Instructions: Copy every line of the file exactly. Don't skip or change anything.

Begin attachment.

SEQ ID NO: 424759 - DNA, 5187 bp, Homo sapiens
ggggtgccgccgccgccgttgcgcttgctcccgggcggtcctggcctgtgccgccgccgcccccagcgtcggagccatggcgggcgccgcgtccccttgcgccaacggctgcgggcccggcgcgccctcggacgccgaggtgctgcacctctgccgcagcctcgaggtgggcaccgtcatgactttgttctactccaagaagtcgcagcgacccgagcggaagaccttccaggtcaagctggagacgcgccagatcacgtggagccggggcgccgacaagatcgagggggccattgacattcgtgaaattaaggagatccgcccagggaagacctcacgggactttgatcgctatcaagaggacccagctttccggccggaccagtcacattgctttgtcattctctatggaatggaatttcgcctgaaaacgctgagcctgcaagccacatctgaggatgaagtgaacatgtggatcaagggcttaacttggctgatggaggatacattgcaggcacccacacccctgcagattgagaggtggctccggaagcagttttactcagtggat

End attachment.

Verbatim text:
SEQ ID NO: 424759 - DNA, 5187 bp, Homo sapiens
ggggtgccgccgccgccgttgcgcttgctcccgggcggtcctggcctgtgccgccgccgcccccagcgtcggagccatggcgggcgccgcgtccccttgcgccaacggctgcgggcccggcgcgccctcggacgccgaggtgctgcacctctgccgcagcctcgaggtgggcaccgtcatgactttgttctactccaagaagtcgcagcgacccgagcggaagaccttccaggtcaagctggagacgcgccagatcacgtggagccggggcgccgacaagatcgagggggccattgacattcgtgaaattaaggagatccgcccagggaagacctcacgggactttgatcgctatcaagaggacccagctttccggccggaccagtcacattgctttgtcattctctatggaatggaatttcgcctgaaaacgctgagcctgcaagccacatctgaggatgaagtgaacatgtggatcaagggcttaacttggctgatggaggatacattgcaggcacccacacccctgcagattgagaggtggctccggaagcagttttactcagtggat